I sat on the floor of the Exarch’s dungeon, legs curled up to my chest and head resting limp between my knees. There was no light except for what meager amounts emanated from the torch down the hall, far beyond the bounds of the iron bars that made up my cell. Metal chains connected my manacled wrists to the wall behind me, but I didn’t care—it was pointless to keep thinking there might be any way for me to escape. There was no getting out of this one.
I was done.
Another wave of bitter hot self-loathing rose up behind my eyes. I didn’t try to fight it—I was so tired of fighting. I let it wash over me, crush me, just like every other wave in the last few hours. Tears that were more dry sob than liquid savaged their way down my face, following well-worn trails of salty sorrow.
I kept replaying—reliving—the memories that Vaxal dragged to the surface. My final hours. My final minutes. My final tribute to a life that ultimately amounted to nothing, all in the service of a bunch of bullshit that didn’t even matter anymore—if it ever did in the first place.
So now you know how I died: in the stupidest, most pathetic, most fitting way possible. Gloating nonsensically after inserting myself into someone else’s business, while completely missing the urban forest for the big rig tree that was right about to fall on my deaf, dumb ass.
I was so fucking ashamed of myself for literally every decision I made that day—because every single one was completely and utterly wrong.
If I hadn’t avoided spending the night with Dana and Sam and Adrianna, I would still be alive on Earth.
If I hadn’t disregarded Rajan’s invitation to an after-hours hangout, I would still be alive on Earth.
If I hadn’t injected myself into a pointless street brawl, I would still be alive on Earth.
If I hadn’t stopped to trash-talk the thief while he was already running away, I would still be alive on Earth. ‘Ha! You missed?’ That didn’t even make sense as an insult! I should have caught the purse so I could give it back to its owner, not dodge it to look cool!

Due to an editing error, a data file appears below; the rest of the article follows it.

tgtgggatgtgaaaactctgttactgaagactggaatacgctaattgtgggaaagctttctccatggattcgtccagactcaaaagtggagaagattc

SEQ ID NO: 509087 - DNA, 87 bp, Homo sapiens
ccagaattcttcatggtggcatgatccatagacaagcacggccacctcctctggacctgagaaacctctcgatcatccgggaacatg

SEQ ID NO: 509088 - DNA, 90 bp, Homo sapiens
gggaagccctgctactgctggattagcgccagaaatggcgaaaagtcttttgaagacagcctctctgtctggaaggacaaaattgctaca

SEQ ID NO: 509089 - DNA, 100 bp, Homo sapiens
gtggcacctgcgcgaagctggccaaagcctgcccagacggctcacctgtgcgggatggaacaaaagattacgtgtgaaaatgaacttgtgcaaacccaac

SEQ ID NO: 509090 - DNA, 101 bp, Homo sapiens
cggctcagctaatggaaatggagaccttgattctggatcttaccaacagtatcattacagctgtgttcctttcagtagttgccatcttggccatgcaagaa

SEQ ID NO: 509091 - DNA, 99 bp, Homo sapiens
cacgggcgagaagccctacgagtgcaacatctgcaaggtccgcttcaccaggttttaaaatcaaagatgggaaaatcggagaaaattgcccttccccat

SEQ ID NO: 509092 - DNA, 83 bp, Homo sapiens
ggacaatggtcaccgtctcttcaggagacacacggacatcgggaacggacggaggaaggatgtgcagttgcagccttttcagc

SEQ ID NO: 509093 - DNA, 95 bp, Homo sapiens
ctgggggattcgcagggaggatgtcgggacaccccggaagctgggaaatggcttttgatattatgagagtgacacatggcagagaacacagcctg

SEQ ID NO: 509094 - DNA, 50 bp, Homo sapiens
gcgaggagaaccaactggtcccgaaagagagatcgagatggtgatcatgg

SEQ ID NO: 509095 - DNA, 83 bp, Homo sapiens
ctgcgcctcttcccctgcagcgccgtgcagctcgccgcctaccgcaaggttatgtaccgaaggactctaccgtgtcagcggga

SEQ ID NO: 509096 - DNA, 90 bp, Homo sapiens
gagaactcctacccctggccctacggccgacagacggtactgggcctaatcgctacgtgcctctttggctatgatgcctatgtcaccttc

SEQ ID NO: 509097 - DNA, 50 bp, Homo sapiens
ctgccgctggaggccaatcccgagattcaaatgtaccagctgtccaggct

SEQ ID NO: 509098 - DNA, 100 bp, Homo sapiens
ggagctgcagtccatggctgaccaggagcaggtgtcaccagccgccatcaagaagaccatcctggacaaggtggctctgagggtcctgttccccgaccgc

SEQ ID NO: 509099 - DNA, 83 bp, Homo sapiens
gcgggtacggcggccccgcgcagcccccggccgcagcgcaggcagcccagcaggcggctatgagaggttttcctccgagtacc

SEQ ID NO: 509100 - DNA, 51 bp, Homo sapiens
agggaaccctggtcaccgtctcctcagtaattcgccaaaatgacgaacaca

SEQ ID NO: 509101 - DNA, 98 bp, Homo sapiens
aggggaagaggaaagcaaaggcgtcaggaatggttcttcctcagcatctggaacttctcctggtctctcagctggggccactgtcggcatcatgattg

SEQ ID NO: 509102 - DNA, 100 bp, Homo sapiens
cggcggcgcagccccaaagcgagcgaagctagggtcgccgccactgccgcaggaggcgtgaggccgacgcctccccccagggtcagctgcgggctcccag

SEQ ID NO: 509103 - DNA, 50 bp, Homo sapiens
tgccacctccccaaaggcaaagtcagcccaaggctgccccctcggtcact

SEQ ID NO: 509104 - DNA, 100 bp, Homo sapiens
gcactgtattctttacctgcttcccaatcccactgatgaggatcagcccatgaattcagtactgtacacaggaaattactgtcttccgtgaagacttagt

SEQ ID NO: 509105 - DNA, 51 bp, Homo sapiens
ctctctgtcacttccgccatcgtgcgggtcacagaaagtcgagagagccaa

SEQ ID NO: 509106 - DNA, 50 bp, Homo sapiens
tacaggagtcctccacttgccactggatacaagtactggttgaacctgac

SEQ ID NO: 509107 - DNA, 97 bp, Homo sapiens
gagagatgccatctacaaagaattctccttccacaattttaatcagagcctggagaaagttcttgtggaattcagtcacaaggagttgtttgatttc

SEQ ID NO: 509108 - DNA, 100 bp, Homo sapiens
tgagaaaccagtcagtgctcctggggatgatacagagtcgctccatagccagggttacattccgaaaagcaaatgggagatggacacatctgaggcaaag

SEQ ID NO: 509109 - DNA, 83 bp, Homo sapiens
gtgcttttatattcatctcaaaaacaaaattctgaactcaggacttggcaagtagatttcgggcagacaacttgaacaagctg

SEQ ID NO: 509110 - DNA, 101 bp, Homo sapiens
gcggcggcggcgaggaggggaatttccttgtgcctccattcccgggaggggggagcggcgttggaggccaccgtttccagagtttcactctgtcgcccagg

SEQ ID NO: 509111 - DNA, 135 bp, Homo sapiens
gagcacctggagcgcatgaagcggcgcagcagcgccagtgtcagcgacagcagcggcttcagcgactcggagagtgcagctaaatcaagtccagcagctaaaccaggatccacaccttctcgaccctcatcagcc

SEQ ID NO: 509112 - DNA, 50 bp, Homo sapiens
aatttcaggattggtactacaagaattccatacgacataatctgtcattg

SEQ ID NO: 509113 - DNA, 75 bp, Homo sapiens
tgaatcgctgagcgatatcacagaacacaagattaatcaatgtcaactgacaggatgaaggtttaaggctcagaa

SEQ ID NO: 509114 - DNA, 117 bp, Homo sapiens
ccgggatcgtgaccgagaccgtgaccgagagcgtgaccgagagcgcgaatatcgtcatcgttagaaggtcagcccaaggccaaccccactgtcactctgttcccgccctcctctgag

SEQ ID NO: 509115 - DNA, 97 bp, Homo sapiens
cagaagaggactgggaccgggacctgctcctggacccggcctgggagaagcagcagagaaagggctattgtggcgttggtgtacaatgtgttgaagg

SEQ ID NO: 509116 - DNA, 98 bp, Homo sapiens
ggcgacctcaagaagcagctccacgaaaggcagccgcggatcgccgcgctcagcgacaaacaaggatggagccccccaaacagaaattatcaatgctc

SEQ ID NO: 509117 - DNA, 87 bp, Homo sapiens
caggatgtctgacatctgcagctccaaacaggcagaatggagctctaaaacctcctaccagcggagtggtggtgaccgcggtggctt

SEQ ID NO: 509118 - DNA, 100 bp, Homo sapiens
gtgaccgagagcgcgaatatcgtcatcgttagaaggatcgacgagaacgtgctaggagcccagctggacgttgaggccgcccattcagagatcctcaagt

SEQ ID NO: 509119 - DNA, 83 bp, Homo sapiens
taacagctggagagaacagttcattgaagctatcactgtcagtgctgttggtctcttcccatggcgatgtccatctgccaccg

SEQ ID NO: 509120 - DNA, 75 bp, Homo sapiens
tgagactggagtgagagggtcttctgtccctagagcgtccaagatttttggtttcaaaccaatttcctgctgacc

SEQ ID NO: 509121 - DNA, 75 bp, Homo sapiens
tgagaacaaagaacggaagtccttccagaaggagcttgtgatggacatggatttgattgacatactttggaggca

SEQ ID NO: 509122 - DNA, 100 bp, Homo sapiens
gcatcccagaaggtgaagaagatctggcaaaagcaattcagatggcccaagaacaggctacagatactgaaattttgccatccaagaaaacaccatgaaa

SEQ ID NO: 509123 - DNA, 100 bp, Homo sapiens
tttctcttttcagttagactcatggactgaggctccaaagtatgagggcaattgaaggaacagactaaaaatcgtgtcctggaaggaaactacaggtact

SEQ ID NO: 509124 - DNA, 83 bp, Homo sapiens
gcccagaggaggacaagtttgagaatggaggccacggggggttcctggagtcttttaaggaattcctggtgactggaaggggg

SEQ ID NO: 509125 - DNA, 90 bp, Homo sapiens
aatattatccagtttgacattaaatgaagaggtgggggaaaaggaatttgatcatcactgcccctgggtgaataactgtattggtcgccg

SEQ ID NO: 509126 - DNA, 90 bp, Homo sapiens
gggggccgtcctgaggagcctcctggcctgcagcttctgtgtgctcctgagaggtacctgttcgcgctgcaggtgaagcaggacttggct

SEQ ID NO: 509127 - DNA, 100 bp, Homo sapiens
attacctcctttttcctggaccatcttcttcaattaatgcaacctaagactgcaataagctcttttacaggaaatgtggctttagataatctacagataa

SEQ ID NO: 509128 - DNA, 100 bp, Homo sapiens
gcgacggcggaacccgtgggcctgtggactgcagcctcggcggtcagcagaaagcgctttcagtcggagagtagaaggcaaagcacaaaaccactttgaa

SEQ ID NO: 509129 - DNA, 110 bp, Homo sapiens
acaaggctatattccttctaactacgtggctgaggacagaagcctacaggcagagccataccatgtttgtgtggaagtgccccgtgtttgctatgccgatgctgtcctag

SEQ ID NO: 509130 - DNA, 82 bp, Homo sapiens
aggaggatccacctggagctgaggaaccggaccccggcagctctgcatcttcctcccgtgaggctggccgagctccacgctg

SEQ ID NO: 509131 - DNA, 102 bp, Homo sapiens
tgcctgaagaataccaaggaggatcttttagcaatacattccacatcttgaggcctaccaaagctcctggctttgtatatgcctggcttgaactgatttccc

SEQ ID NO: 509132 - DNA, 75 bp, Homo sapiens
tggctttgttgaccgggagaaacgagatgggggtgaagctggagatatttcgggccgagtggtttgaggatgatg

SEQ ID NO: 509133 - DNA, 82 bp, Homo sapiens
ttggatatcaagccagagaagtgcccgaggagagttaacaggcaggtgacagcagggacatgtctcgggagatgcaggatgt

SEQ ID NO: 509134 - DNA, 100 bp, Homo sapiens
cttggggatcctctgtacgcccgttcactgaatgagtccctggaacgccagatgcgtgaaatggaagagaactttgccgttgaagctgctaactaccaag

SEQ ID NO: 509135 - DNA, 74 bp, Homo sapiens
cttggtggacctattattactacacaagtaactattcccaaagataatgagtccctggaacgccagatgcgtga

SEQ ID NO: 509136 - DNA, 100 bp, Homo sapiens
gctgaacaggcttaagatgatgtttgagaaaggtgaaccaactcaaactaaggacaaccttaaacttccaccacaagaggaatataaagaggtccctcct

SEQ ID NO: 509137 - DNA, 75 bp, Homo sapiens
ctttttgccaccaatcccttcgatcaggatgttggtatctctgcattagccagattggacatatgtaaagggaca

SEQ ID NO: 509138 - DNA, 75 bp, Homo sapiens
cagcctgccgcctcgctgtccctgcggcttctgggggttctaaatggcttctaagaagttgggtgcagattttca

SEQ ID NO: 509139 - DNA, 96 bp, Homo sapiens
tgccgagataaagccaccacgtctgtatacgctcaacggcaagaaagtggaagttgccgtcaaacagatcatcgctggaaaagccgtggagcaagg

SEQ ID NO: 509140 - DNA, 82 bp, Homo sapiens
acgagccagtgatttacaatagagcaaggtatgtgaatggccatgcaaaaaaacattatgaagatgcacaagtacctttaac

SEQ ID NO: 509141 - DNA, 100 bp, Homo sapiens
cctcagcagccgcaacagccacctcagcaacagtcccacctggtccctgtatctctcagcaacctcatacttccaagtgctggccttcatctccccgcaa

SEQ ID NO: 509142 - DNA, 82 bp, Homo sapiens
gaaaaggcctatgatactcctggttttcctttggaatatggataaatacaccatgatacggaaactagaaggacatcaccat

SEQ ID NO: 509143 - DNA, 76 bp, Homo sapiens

And the worst part was, I was still making all the same goddamn mistakes.
Not thinking through my shitty words before I spewed them from my shitty mouth. Sassing up everyone from Bohriam to Andreon to Vaxal Brygindir. Shoving myself unceremoniously into other people’s affairs, without thinking through the consequences for myself or for them. Taunting the goddamn Exarch Virulesse right after she said she’d like to disembowel me.
For a person who does little other than think, it sure seemed like I never did any thinking at all.
I hadn’t learned anything. For all my talk of first impressions and second chances, what had I actually done differently in my time on Era so far? Engaged in a couple polite but awkward conversations? I did that all the fucking time on Earth. I just hated doing it—and I still hated doing it.
Ever since I arrived on Era, I had gone out of my way to avoid thinking about how I died on Earth. It was just too painful to confront, and I was too weak and worthless to handle it. It put all my biggest failings on prominent display for anyone with eyes and an IQ above zero. It wasn’t just that I died because I was in the wrong place at the wrong time—I died as a direct consequence of everything that made me who I was as a human being. I couldn’t bear to think about it for a single second.